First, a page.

“No religion is higher than humanity.” This was the most often repeated line that Facebook and Twitter users from Pakistan posted on Friday night immediately after news broke out that the country’s beloved humanitarian and philanthropist Abdul Sattar Edhi had died. I have no doubt that most of them actually knew the full meaning and scope of what Edhi was saying, but I have to admit that I personally did not.
Years ago, Abdul Sattar Edhi gave an interview in which he appeared to be endorsing former president General (r) Pervez Musharraf, which I found extremely hard to get over. In the interview, he said Nawaz Sharif and Asif Zardari had both made billions by looting public money and that politicians had given Pakistan nothing but poverty and inflation. He said that instead of pulling each other’s legs, Nawaz Sharif and Asif Zardari should cooperate with Pervez Musharraf in running the country. He said that in the national interest, Pervez Musharraf should be allowed to remain president of the country. Another report said that when Edhi was told there was a petition in the court asking Musharraf to be tried as a traitor, he said that the ruling general was not a traitor.
“He’s a good man and he loves the country,” Edhi said. “If the three of them do not work together, it will push the country further into poverty.”
Let’s just say I wanted to see Musharraf being tried as a traitor and worse and I did not think it was Edhi’s place to say he’s a legitimate ruler or to endorse military rule in any way. The idiocy of youth, right?
But what I didn’t understand and perhaps many others didn’t either was that Edhi lived in a different world than us. To him, politics didn’t matter, rule of law, democracy and constitution — none of it mattered if the humanity was suffering. His was a purer brand of religion — one that saw no prejudice and brooked no hatred. I mean, the man would stand on the side of a road and beg money for the people who were under his care. It does not get purer than this.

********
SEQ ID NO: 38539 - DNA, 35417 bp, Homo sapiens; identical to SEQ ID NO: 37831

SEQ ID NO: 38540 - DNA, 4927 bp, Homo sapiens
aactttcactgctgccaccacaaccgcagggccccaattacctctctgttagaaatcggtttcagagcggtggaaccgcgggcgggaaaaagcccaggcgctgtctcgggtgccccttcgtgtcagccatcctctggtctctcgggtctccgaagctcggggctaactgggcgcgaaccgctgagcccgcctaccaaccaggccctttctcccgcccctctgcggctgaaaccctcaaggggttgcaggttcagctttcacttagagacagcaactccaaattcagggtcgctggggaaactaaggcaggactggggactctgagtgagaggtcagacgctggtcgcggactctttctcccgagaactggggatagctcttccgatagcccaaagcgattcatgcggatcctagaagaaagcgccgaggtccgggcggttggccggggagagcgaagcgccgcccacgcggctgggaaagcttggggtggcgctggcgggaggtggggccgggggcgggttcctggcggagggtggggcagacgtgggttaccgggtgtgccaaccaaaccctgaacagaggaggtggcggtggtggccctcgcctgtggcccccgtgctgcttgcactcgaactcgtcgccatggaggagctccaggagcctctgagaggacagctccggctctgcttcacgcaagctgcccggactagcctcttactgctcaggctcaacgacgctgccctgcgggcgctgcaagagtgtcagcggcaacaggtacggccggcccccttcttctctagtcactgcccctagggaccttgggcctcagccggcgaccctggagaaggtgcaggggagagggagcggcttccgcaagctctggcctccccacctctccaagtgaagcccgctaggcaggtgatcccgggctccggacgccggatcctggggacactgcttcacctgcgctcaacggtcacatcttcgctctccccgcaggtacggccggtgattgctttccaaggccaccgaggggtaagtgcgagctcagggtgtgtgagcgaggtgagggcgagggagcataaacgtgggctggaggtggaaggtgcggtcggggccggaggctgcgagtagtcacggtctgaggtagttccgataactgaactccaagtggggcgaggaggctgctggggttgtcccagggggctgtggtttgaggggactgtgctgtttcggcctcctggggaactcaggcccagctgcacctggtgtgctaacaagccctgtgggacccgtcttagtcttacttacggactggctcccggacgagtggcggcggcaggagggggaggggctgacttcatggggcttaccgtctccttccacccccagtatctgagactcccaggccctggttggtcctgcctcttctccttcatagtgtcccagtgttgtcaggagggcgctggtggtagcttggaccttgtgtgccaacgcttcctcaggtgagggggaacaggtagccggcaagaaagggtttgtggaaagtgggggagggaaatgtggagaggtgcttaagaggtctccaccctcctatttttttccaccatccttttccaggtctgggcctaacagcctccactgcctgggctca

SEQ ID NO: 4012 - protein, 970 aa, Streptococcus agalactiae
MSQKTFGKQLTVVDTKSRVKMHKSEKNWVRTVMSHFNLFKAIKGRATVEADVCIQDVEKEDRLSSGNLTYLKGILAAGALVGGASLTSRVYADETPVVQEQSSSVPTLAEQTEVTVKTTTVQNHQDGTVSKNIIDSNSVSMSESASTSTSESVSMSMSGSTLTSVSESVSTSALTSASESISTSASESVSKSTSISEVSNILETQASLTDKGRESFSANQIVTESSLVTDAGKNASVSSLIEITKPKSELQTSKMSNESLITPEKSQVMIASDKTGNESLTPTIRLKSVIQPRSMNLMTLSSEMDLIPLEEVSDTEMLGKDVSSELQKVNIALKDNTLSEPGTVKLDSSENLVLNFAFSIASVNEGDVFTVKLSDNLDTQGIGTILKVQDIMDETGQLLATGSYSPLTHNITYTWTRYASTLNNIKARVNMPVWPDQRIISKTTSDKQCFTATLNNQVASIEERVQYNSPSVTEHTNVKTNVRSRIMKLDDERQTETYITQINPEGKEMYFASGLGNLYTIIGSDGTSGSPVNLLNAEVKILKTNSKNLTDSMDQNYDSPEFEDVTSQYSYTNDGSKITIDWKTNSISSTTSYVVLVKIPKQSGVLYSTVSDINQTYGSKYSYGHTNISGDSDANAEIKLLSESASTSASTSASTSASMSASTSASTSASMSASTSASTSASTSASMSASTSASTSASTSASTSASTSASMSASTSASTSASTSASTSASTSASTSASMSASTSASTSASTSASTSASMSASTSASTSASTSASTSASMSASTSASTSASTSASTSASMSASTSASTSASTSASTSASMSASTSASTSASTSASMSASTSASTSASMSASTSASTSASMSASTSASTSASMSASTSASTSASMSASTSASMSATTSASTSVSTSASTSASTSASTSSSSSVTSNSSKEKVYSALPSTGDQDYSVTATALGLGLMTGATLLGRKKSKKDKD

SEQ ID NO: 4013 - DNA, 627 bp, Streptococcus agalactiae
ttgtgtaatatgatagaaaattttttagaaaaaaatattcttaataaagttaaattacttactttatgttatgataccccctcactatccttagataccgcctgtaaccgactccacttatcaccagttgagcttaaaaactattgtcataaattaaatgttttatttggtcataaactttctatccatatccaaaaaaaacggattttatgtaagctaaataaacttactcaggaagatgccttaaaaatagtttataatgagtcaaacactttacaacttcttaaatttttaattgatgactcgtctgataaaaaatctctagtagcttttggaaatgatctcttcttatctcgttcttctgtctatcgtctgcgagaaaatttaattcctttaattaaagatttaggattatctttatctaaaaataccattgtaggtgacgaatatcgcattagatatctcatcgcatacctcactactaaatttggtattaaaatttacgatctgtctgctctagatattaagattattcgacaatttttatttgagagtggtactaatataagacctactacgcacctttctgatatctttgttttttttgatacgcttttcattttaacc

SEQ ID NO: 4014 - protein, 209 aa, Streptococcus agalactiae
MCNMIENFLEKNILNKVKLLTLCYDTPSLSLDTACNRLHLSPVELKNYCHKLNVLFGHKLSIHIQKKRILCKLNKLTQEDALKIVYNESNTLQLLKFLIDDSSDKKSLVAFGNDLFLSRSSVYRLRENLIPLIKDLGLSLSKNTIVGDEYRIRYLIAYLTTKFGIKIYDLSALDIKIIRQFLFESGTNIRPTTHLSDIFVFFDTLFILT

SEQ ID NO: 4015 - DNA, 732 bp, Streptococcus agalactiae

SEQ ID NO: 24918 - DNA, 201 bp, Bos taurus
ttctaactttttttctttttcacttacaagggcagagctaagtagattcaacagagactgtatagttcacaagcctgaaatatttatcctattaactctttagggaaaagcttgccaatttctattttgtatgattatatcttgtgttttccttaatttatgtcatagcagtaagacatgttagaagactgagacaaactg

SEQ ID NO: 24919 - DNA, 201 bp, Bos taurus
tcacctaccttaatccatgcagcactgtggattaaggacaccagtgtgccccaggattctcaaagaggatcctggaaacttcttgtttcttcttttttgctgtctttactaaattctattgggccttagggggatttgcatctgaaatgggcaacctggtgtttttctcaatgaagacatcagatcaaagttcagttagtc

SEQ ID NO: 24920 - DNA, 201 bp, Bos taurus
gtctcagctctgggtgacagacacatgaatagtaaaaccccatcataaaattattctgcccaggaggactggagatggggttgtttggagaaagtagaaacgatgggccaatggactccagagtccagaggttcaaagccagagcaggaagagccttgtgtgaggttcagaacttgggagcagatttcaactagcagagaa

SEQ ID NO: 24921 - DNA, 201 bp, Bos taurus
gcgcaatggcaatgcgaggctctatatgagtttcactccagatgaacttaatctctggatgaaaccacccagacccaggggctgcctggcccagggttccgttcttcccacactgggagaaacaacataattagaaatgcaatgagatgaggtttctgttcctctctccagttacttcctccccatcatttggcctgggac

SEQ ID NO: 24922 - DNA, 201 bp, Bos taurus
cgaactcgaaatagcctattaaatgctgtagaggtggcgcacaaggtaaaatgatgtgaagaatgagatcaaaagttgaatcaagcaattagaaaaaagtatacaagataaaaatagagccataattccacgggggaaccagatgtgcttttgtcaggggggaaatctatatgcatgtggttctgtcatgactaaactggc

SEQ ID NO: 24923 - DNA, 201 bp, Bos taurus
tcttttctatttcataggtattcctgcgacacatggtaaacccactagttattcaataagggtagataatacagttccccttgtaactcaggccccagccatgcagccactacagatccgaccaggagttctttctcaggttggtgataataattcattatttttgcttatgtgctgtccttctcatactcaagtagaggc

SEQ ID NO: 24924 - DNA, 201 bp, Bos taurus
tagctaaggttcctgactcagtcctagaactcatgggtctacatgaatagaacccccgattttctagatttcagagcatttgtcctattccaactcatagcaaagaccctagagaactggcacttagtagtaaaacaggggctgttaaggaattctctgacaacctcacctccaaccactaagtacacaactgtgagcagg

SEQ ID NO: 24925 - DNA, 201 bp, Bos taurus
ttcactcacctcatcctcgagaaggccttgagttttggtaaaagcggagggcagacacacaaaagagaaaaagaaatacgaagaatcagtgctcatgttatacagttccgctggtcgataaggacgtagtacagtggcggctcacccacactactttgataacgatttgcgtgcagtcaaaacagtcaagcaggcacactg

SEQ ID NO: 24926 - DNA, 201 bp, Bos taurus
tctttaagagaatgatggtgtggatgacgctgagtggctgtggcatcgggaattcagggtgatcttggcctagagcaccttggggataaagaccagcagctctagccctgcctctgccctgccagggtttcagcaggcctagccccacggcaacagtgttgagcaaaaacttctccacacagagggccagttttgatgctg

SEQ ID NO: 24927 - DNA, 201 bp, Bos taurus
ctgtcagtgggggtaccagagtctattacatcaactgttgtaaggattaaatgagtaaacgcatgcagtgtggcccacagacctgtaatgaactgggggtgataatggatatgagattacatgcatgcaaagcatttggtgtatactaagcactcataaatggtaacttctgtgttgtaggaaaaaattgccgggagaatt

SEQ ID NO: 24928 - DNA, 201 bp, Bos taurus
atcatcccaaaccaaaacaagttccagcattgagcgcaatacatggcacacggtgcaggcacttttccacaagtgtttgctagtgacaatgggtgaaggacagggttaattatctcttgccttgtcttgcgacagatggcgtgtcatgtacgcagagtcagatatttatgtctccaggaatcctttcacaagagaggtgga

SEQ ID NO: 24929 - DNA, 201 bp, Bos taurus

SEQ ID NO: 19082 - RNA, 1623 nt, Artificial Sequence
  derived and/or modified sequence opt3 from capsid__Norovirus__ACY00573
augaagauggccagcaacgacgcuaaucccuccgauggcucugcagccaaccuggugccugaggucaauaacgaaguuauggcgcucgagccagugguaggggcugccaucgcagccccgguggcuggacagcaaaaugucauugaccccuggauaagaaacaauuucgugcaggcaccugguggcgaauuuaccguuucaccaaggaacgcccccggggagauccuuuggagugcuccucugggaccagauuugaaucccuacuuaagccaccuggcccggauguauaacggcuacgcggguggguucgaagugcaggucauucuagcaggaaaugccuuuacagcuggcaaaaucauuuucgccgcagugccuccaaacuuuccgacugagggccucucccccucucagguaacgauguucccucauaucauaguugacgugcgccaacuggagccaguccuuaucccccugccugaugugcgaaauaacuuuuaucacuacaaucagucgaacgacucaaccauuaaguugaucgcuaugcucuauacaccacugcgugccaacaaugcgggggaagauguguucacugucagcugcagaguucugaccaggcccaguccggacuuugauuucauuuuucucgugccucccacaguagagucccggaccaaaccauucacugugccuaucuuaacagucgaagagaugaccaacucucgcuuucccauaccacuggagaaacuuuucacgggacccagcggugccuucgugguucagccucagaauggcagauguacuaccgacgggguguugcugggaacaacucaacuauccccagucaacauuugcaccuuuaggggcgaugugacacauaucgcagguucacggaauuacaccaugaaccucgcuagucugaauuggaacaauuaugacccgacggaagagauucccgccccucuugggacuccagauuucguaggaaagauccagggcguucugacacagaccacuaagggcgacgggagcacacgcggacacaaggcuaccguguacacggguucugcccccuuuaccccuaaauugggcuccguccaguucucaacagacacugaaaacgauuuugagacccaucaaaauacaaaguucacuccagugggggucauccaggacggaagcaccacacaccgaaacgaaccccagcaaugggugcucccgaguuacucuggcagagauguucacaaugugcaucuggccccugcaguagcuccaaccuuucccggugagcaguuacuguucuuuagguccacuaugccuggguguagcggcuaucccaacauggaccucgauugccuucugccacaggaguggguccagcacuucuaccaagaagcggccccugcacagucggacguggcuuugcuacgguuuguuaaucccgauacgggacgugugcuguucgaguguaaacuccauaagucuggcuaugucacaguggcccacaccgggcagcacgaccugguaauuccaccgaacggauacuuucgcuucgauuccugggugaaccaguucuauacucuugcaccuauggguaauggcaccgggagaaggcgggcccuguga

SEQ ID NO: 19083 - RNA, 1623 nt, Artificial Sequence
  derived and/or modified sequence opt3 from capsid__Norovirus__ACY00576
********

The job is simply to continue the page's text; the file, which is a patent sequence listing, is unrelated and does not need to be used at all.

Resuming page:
He was not a man of grand gestures either. Nor did he do symbolism. He got down to work and he kept working, for decades. No muss, no fuss. That was his superpower. The man drove an ambulance for 48 years and he never drove any other vehicle. He had set up over 375 centres but he never owned a house of his own. He never had more than two pairs of Shalwar Kameez. How incredible is that?
The only thing that was non-negotiable to him was helping those who needed him. “If you see anyone who needs help, it is your duty to bring him to one of our centres, no matter the race, no matter the religion. We have never turned anyone away,” he said in one of his video messages.
“There is a crib outside every Edhi Centre across the country. If you have a child you don’t want, leave them in the crib. No question will be asked of you.”
That is who Edhi was. He never said he won’t judge you like many of the other do-gooders who may think it is as important to not make people feel bad for asking for help as it is to help them. Indeed, he wanted people to take care of their own. He was ready to judge people to the extent that it might persuade them to do good for others even at their own expense. He would say it is a sign of deterioration in society that we have become more educated but also less concerned for each other’s welfare. He criticised the fact that old people are increasingly being accorded less respect which is why they are falling on hard times more often. Even his judgment was a tool he could use to get people to help the less fortunate. But once someone came to him, he would never turn them away. That was his promise.